Sunday, October 17, 2010

Arthur Miller


Willy was a salesman. And for a salesman, there is no rock bottom to the life. He don’t put a bolt to a nut, he don’t tell you the law or give you medicine. He’s a man way out there in the blue, riding on a smile and a shoeshine. And when they start not smiling back – that’s an earthquake. And then you get yourself a couple of spots on your hat, and you’re finished. Nobody dast blame this man. A salesman is got to dream, boy. It comes with the territory.

          - Arthur Miller
          From Death of a Salesman, Requiem

Playwright Arthur Miller was born in New York City on October 17, 1915. His notable works include All My Sons (1947), Death of a Salesman (1949), The Crucible (1953), A View from the Bridge (1955) and After the Fall (1964). His most celebrated play and his masterpiece is Death of a Salesman which deals with a character named Willy Loman and the failure of his American Dream. I studied Death of a Salesman in high school. The references in the play to Ebbets Field were the first time I learned about the long ago home of the defunct Brooklyn Dodgers. Several years ago I saw Death of a Salsman on stage with Dustin Hoffman playing the role of Willy Loman.

After the Fall is considered to be a thinly disguised reflection of Miller’s marriage to Marilyn Monroe from 1956 to 1961. He was her third and final husband. Arthur Miller died on February 10, 2005 at the age of 89.


What do get when you cross a detective with a skeleton?

Answer: Sherlock Bones

Note to readers: I invite you to send me some riddles and I will publish them on my blog.


My favourite Canadian band of all time is the Guess Who. On Friday night, I attended a Burton Cummings concert at Massey Hall. I’ve got to say that Burton really had the place rocking. The Winnipeg native really connected with the audience and made a point of expressing appreciation for his fan support. Backed by the Toronto-based Carpet Frogs, he played many of the old Guess Who standards. Cummings also performed a great version of Louie Louie, the 1960s hit by the Kinks. He ended the concert with Share the Land, which he described as “a song of optimism.”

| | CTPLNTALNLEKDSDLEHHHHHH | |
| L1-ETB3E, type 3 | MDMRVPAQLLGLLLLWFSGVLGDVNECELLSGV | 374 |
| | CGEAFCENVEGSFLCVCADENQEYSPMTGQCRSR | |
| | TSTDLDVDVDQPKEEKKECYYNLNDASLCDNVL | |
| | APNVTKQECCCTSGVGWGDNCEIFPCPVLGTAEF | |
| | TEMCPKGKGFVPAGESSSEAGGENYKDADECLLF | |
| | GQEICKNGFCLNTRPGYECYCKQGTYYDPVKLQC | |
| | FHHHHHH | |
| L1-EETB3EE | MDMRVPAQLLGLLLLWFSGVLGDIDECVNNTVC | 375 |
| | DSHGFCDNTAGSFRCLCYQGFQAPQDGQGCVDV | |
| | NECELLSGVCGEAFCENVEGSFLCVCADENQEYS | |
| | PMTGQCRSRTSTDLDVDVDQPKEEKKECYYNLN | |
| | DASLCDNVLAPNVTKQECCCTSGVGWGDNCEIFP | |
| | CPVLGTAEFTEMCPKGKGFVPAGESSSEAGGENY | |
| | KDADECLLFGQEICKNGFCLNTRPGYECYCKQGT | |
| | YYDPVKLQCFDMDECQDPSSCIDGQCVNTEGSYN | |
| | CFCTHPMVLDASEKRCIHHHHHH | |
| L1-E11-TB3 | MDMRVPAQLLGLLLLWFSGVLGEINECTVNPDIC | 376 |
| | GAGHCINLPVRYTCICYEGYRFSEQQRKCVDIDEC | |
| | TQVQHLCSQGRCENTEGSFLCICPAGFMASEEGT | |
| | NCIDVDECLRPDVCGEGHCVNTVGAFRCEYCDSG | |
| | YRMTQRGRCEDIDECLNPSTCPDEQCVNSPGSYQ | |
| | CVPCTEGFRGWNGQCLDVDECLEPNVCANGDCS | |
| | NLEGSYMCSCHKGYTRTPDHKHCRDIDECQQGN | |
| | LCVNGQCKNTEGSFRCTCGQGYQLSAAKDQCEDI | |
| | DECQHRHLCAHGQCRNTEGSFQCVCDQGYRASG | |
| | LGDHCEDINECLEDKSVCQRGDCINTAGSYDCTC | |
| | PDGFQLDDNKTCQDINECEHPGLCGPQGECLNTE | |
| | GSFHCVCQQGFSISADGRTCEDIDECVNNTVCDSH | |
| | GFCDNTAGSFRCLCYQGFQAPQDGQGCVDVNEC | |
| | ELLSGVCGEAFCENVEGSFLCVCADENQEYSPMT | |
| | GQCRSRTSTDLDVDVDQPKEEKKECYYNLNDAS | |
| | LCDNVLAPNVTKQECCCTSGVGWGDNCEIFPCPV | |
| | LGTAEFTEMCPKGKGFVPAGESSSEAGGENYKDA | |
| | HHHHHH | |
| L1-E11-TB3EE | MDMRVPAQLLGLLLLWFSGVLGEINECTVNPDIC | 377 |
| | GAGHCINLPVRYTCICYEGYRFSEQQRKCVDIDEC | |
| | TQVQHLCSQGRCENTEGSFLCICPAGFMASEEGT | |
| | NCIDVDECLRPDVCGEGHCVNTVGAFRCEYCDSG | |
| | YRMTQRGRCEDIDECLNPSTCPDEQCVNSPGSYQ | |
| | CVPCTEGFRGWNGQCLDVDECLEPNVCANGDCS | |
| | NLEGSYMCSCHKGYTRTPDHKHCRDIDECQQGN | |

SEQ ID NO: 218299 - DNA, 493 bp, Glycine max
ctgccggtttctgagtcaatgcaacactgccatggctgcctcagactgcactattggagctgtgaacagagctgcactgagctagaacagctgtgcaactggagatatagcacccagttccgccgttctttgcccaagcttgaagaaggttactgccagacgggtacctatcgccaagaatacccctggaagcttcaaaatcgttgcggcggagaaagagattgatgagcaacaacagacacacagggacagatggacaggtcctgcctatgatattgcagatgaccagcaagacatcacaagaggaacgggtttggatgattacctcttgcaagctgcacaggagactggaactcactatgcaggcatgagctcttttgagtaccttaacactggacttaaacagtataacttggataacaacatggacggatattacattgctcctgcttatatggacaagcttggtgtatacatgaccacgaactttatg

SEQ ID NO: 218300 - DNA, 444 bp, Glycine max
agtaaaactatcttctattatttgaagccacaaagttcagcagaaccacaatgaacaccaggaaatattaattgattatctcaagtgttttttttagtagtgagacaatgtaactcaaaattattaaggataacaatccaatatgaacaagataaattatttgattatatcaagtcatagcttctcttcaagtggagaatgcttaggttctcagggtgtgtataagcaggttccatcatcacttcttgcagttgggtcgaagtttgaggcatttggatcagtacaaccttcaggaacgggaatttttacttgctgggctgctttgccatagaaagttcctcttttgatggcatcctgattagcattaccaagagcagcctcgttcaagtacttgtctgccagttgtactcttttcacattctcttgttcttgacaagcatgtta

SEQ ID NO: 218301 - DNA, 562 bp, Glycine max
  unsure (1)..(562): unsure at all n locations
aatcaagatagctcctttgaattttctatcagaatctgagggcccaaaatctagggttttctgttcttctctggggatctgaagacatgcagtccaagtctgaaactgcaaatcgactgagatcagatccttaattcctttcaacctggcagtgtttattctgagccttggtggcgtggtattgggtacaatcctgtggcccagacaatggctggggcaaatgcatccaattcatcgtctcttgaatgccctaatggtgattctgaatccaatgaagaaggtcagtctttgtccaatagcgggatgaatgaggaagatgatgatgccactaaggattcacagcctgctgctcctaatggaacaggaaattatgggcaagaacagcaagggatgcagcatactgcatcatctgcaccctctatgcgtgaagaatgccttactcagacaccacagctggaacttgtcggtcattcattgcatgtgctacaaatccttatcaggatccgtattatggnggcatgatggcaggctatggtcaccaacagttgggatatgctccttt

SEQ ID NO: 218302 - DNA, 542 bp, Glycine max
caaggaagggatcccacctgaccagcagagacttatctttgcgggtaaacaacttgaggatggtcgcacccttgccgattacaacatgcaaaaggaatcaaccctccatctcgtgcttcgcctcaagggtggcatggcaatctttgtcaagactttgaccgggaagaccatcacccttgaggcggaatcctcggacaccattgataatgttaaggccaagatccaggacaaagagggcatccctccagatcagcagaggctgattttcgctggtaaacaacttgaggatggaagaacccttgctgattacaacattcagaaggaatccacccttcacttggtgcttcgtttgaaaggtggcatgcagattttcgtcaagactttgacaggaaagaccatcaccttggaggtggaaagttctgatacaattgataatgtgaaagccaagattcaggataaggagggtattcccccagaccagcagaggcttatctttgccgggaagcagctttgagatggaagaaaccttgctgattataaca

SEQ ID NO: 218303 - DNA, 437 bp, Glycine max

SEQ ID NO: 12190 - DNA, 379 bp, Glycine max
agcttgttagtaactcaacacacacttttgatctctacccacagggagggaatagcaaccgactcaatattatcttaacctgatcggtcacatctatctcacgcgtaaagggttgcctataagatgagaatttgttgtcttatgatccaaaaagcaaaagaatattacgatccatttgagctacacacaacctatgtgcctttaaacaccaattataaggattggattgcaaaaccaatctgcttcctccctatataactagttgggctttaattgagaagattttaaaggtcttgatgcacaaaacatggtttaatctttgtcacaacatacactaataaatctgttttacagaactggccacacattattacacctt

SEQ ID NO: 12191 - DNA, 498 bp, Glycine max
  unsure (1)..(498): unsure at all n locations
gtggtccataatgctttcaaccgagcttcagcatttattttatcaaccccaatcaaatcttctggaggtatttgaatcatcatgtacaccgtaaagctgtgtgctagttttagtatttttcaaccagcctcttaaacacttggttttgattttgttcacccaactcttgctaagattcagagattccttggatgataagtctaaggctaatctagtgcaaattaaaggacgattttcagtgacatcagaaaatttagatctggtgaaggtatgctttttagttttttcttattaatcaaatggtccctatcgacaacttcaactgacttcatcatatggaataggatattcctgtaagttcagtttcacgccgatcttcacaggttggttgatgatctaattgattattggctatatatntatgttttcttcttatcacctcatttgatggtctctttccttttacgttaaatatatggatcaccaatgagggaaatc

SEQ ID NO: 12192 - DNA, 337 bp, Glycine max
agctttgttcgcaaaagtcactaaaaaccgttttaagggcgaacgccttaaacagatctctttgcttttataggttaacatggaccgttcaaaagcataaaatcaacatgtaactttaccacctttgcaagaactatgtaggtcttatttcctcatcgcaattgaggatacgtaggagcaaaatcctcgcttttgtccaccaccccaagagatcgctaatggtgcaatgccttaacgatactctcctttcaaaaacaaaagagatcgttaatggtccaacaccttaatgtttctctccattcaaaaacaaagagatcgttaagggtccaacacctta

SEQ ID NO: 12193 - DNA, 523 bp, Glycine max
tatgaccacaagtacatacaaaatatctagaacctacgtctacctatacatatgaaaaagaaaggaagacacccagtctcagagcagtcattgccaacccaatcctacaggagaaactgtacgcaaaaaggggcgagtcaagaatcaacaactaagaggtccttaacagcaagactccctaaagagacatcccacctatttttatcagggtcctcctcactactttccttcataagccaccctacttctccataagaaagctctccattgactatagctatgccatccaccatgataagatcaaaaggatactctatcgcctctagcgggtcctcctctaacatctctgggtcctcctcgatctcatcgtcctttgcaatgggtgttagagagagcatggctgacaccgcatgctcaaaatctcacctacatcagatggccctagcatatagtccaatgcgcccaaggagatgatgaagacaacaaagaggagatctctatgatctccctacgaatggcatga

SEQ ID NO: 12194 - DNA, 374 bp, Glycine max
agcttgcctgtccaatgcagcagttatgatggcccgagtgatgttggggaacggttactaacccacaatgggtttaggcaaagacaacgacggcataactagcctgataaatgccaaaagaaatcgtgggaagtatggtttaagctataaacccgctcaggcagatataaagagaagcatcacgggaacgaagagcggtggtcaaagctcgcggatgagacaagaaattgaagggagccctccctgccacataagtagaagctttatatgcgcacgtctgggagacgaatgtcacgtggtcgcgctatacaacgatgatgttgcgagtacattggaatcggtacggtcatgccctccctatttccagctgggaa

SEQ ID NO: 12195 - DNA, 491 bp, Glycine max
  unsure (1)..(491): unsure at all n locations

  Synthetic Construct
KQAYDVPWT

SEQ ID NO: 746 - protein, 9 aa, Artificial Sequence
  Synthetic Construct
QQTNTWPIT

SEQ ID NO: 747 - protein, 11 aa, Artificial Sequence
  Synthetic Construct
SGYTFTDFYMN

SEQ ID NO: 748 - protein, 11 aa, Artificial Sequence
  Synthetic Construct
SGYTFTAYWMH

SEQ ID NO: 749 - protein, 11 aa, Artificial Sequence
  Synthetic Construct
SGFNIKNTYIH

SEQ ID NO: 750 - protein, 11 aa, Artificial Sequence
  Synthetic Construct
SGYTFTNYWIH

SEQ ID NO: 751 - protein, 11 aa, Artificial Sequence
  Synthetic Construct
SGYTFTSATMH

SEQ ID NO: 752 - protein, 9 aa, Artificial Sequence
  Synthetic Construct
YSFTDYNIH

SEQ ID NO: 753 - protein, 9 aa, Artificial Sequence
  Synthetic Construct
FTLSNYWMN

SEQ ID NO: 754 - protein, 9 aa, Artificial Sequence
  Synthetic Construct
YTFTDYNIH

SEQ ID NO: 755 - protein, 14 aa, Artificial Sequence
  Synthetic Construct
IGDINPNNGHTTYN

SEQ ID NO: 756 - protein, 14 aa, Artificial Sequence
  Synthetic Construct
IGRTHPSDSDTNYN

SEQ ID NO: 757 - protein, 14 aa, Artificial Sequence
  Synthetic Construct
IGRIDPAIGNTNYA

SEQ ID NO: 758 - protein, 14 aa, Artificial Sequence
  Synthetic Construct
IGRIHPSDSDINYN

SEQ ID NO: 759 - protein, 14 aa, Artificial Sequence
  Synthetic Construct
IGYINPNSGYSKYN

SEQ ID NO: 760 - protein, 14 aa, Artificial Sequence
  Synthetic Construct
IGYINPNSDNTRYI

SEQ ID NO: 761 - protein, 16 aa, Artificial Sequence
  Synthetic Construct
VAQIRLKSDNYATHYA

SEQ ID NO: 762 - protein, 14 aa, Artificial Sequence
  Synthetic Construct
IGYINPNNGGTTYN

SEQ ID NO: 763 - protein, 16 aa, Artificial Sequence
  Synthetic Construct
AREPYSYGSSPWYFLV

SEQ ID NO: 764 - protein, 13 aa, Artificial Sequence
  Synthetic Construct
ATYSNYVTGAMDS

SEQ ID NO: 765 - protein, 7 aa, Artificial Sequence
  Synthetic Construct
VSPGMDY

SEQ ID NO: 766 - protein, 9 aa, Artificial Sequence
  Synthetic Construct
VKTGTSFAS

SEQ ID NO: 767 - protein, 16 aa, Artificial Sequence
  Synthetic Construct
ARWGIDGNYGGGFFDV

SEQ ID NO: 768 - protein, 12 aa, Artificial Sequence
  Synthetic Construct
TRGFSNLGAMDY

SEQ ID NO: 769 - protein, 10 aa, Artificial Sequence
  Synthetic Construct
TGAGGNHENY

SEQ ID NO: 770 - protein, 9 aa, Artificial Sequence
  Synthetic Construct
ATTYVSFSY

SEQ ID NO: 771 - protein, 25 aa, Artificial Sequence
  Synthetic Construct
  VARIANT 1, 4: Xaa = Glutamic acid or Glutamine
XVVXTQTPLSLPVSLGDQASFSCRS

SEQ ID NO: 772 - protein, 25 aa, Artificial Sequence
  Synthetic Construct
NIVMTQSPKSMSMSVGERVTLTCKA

Barbara Billingsley, the actress who played the ideal mother of the 1950s and early 60s on Leave it to Beaver, died yesterday at her home in Santa Monica, California. She was 94 years old. From 1957 until 1963, Barbara played June Cleaver, the mother of two sons, Wally and Beaver. Hugh Beaumont, who portrayed Barbara’s television husband Ward Cleaver, passed away on May 14, 1982. He died of a heart attack at the age of 73 while visiting his son in Munich, Germany.

To watch a video of the 50th anniversary reunion of Leave it to Beaver, click on the link below.



How about those Leafs? They did it again. That’s four in a row, folks. On Saturday night, the Toronto Maple Leafs defeated the New York Rangers in overtime by a score of 4-3. Phil Kessel led the Leaf attack with two goals.


It seems that Roy Halladay is human after all. He and his Philadelphia Phillies lost Game One of the National League Championship Series to the San Francisco Giants yesterday by a score of 4-3.

Football (CFL)

Well, the Toronto Argonauts were crushed 30-3 by the ferocious Hamilton Tiger-Cats at the dome on Friday night. Hamilton clinched a playoff berth.

- Joanne

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